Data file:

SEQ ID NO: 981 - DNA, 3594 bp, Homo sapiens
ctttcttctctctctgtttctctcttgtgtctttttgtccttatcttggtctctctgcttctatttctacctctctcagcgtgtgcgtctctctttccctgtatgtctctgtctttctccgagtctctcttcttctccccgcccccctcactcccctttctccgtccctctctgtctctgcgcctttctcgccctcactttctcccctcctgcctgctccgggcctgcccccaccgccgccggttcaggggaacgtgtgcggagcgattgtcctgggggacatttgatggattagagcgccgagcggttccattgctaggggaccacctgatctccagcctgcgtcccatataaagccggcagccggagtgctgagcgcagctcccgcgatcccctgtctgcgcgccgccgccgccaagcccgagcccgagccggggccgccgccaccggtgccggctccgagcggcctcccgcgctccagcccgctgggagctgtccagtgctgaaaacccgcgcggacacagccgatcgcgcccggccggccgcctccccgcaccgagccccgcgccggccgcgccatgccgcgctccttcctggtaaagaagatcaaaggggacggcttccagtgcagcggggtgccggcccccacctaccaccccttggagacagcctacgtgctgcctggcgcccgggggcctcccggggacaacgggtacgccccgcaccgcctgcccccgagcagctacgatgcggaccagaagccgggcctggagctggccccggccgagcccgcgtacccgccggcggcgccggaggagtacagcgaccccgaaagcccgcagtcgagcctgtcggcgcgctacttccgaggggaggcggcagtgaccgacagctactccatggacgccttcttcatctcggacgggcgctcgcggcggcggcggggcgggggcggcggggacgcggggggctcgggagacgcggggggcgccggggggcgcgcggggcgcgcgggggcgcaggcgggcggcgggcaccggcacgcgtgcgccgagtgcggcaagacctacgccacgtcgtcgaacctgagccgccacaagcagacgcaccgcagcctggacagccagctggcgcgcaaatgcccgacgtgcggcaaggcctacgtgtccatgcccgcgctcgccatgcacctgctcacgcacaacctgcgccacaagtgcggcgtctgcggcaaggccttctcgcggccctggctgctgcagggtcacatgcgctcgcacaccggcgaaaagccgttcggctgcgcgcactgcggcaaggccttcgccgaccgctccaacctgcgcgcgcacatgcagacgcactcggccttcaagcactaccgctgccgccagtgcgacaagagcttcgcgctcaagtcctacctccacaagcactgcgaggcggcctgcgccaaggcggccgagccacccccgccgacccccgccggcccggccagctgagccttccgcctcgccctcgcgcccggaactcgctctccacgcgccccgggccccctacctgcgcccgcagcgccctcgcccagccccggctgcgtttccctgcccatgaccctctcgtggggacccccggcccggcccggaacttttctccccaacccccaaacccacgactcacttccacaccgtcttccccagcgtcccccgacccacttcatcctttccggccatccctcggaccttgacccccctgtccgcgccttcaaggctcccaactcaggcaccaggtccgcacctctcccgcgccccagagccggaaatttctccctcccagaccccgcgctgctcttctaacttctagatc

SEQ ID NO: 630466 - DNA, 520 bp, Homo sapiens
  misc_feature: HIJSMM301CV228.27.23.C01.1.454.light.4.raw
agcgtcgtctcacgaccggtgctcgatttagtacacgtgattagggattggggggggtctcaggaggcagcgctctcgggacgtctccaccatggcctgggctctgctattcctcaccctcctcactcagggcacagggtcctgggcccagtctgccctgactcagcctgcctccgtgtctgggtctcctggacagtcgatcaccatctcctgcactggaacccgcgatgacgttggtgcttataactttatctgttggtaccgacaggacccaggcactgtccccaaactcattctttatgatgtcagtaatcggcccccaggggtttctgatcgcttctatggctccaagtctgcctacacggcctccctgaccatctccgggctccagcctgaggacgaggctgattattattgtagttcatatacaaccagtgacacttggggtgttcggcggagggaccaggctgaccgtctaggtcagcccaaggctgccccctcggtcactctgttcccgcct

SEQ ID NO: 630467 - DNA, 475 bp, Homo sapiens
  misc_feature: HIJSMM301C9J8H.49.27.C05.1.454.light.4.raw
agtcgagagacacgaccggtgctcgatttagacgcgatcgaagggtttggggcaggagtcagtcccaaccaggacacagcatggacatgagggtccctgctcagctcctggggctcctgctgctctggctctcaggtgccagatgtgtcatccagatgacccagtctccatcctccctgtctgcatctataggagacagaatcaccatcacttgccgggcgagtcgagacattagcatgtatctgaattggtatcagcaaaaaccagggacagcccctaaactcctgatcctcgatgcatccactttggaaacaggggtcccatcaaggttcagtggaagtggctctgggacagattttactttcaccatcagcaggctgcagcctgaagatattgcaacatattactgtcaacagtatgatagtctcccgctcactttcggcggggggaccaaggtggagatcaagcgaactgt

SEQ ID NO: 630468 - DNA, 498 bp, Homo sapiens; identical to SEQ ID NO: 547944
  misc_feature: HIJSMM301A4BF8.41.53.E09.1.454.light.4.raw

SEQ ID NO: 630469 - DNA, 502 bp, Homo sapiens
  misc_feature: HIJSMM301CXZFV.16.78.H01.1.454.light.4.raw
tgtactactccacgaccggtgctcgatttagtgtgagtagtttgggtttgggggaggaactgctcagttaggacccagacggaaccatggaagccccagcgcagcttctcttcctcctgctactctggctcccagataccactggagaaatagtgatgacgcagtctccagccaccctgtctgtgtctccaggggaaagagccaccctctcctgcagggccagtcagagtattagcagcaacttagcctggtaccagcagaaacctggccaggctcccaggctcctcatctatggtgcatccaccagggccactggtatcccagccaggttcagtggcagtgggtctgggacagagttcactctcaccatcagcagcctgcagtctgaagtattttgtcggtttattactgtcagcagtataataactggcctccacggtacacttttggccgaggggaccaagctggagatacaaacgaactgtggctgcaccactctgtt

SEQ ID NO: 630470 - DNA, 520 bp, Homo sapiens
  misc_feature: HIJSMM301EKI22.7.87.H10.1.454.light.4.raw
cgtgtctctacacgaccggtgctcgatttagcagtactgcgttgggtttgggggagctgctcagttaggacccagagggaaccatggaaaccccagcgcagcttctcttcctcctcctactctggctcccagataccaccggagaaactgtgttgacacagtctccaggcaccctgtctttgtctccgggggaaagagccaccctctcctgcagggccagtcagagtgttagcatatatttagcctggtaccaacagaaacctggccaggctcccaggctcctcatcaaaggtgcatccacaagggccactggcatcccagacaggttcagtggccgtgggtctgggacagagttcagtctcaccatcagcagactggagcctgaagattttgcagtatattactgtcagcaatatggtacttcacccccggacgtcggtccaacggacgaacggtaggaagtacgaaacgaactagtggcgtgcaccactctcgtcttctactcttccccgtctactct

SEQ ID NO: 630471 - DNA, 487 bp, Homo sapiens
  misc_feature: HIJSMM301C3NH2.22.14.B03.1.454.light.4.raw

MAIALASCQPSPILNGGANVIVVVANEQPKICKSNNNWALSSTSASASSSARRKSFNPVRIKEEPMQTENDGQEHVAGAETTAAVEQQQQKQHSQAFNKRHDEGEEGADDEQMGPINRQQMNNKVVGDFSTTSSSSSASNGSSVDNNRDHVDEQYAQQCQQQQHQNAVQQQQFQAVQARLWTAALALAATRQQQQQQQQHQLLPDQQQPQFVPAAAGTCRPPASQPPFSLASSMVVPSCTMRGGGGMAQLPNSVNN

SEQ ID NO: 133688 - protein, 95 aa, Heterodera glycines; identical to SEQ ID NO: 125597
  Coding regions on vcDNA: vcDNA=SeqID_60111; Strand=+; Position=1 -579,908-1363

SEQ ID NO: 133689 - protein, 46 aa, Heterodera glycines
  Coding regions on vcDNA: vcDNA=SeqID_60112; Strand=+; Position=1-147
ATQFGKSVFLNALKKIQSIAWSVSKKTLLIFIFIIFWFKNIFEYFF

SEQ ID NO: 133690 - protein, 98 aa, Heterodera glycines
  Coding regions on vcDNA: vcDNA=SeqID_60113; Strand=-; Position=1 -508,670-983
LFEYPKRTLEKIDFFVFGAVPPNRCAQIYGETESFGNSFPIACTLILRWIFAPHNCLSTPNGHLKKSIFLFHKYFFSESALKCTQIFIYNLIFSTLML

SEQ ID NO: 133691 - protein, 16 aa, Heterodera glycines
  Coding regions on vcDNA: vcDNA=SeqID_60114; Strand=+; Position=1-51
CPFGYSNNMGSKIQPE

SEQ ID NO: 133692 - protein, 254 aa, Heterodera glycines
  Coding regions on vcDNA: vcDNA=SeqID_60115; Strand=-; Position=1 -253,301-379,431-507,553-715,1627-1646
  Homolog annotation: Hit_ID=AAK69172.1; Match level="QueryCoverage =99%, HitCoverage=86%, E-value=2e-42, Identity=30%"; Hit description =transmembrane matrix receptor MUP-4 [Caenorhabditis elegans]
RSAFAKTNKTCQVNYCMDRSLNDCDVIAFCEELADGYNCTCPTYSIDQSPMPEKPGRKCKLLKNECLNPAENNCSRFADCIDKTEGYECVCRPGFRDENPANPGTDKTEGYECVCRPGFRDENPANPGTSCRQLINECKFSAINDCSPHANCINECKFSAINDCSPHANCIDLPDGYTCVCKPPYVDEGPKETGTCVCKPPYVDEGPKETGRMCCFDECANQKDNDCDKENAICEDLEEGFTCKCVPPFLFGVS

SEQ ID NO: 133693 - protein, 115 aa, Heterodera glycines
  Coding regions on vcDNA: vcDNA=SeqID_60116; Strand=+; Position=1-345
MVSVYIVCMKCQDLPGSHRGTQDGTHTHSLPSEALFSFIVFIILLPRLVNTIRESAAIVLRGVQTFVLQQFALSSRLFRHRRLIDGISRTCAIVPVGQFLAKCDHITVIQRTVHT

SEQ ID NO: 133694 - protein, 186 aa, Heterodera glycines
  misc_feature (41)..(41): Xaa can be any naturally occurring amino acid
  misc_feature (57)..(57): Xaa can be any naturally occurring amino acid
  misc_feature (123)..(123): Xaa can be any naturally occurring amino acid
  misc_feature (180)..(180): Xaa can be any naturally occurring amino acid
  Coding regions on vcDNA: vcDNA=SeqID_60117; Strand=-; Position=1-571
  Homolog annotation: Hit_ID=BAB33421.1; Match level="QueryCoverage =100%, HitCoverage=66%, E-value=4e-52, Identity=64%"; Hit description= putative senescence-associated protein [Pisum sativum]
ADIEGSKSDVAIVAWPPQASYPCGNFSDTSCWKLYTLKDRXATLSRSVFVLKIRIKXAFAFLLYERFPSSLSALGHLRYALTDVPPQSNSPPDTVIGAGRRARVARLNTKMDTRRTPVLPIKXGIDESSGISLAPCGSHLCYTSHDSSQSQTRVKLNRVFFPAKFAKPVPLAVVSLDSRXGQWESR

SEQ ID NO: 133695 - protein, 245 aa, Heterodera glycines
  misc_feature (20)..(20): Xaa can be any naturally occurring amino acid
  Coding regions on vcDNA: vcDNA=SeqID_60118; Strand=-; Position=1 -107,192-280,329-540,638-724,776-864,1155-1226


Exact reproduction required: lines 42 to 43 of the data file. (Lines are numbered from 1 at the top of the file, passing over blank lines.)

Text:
  misc_feature (180)..(180): Xaa can be any naturally occurring amino acid
  Coding regions on vcDNA: vcDNA=SeqID_60117; Strand=-; Position=1-571